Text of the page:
Off camera, Adeline developed extensive experience as a production coordinator, managing "the nerve center" of the many and varied requirements of a film production. In this role she was a part of dozens of films and TV shows, including The Patty Duke Show from 1962 to 1965. A complete list of her impressive film career is located at IMDB (note to Adeline: this will create a link to a website that shows your movie credits). Even behind the scenes, her encounters with movie stars were still an occasional part of working life. During a production with Paul Newman, the office staff moved off-site for an impromptu meeting. As Adeline lugged a heavy typewriter to the meeting location, Mr. Newman graciously intercepted the bulky equipment, saying, "Let me help you with that."

While working on Three Days of the Condor starring Robert Redford, the production team struggled with a last-minute script change. After much delay, Adeline rushed the final version of the script onto the set. As her production jobs were nearly always confined to an office, Adeline's face was unknown to many on set. Crowds of public spectators were lined up along the set to get a glimpse of the famous names. When Mr. Redford spotted her, he picked her up and gave her a big hug in thanks for the new script, much to the curiosity of those crowds of people, who all wondered "Who's that?!"

Head shots for SAG-AFTRA.

Despite this memorable display of public affection, Adeline lived a quiet life mostly outside the spotlight, although her first meeting with her future husband Herb Seakwood was indeed like something out of a movie. Mr. Seakwood was an attorney who needed temporary help at his office, and Adeline answered the call to take a letter for him. Although she did not remember shorthand, she ambitiously wrote as he dictated page after page of difficult "legalese." It was a harried ordeal for Adeline, and due to hours focused on the legal pad, Adeline did not even remember his face afterward.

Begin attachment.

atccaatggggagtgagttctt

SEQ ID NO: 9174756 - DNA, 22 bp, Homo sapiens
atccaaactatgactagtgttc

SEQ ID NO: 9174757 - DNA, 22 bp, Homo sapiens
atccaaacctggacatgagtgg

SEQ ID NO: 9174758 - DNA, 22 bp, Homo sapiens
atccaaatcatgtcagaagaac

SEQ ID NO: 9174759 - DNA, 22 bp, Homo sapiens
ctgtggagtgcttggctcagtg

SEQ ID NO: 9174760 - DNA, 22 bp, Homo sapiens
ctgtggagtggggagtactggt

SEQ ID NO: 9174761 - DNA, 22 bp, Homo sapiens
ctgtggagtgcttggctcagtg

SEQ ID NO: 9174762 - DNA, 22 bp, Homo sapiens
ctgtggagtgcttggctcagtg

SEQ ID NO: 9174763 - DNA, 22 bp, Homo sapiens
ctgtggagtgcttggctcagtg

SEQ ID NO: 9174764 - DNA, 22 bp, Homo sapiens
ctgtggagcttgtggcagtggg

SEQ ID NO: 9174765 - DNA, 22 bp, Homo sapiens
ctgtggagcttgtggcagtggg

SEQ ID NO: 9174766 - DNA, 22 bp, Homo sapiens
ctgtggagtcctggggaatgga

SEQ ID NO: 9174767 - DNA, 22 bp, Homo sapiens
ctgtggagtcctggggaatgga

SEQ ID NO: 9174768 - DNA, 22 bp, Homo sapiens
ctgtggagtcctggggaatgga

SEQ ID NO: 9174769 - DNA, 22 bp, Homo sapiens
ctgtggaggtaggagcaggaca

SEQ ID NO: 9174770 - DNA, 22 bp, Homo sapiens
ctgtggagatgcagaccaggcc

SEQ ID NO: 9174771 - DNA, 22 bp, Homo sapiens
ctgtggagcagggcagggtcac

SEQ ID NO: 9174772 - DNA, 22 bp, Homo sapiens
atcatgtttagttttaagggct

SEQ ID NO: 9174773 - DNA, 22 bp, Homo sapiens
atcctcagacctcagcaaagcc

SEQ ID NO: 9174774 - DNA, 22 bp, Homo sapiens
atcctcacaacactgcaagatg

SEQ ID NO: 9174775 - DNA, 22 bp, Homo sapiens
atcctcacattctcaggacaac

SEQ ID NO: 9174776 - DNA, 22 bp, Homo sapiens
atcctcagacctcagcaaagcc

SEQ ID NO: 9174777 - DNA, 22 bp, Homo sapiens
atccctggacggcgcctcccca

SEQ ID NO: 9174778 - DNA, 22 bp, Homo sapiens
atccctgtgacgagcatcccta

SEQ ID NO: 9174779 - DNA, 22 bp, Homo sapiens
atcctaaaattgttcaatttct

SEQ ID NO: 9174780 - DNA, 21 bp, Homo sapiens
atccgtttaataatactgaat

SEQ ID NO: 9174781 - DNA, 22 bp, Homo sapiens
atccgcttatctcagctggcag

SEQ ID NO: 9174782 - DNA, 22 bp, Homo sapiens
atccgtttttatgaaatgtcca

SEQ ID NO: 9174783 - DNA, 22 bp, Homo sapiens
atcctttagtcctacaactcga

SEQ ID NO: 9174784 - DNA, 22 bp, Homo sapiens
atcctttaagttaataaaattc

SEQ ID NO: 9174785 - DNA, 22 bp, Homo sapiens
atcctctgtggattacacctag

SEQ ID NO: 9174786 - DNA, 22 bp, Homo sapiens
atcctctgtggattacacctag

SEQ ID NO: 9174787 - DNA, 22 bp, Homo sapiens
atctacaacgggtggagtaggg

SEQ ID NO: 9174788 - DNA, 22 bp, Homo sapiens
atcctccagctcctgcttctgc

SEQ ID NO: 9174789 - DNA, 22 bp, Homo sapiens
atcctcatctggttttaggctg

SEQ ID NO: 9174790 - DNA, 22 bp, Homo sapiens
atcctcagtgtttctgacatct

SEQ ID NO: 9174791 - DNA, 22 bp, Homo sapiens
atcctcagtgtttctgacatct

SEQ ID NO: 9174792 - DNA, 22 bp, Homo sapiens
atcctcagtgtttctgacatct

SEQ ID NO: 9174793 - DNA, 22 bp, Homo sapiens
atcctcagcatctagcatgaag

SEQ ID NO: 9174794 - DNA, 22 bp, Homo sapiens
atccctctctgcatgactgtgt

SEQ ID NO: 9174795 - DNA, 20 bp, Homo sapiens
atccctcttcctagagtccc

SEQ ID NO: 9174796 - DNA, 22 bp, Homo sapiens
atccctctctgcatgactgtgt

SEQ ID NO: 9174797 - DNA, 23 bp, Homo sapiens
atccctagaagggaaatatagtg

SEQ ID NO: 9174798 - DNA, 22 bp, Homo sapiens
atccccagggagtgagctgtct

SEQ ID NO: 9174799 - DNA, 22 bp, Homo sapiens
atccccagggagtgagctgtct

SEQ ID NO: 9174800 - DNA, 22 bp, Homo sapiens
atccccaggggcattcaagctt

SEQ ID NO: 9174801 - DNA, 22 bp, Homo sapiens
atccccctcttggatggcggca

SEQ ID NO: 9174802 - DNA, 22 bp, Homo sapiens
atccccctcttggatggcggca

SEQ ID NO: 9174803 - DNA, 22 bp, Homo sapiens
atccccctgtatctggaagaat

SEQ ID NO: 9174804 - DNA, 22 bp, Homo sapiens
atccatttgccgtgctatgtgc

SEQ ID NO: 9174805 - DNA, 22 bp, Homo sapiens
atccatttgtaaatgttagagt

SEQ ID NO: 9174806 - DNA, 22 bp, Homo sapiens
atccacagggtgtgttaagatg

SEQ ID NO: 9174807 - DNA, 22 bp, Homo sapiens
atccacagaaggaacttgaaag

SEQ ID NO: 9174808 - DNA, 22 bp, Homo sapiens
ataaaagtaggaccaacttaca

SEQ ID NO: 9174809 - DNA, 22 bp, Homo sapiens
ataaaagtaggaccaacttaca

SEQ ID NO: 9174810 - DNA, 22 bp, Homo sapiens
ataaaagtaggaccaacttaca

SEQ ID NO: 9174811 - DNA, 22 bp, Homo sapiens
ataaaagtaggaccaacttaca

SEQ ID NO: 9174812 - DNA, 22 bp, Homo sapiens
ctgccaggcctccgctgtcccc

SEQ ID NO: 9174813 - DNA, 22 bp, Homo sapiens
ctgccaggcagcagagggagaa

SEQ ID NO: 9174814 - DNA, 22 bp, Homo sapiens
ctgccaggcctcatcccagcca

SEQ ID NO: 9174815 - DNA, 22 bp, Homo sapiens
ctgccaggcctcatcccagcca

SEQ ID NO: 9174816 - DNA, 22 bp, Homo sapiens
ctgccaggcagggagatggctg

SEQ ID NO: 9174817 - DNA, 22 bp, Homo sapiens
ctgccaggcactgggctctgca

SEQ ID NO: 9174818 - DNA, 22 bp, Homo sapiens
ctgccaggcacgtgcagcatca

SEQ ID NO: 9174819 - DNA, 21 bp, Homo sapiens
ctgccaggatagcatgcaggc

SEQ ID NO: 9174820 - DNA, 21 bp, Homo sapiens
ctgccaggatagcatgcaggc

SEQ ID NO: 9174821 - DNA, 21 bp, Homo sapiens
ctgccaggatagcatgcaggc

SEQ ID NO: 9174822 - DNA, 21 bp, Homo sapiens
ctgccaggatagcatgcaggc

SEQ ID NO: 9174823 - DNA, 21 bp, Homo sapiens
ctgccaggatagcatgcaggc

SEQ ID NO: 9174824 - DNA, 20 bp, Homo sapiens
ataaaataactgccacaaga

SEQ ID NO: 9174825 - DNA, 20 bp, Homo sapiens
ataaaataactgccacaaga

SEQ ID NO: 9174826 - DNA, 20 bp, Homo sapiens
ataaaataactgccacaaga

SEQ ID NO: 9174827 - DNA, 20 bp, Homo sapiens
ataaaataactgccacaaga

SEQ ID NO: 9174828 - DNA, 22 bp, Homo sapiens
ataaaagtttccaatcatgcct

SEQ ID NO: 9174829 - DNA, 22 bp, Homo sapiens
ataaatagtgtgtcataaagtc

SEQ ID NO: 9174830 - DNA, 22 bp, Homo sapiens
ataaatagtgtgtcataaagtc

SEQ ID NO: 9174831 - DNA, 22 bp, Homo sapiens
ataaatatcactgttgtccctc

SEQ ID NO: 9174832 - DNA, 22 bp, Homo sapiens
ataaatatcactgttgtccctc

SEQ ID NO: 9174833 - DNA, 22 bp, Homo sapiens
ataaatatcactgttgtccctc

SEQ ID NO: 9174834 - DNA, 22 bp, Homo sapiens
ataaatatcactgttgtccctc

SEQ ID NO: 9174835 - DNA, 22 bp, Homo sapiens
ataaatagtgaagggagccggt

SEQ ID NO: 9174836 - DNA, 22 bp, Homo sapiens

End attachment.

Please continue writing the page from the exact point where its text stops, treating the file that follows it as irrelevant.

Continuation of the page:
After this temporary job, Adeline and her future beau had no connection, and it was more than a decade later when Cupid struck. This time, Adeline met him accompanying her aunt to his office to create her aunt's will. Not two weeks later, this aunt passed away unexpectedly, and Adeline found herself back at Mr. Seakwood's office to manage the estate. Adeline and Herb fell in love, and they have been doting companions ever since.

Their deep sentiment is displayed in their clothes, as the dress and suit they wore in 1980 at their wedding are still in the closet, carried out and worn every anniversary. Likewise, Adeline wears the same vintage dress each year to commemorate their first meeting decades ago (see photo below). They are utterly charming, and the among the most loving couples I've ever met.

Back at the piano, other framed photos show Adeline smiling with the likes of Christopher Reeve, Robert Redford, William Shatner, Carroll O'Connor and Peter Falk. Adeline's impressively able at the piano even today. Due to decades of playing by ear, she has at her fingertips a world of tunes, both old standards and her own original works with effervescently positive lyrics. She graciously played some for me during our interview, much to my delight.

And today Adeline brings delight to many more than me. She's the Sunshine Lady for three local organizations, offering a smile and kind word to countless people new to our area. Her bright charm is a gift once cultivated both on and off stage, behind and in front of the camera.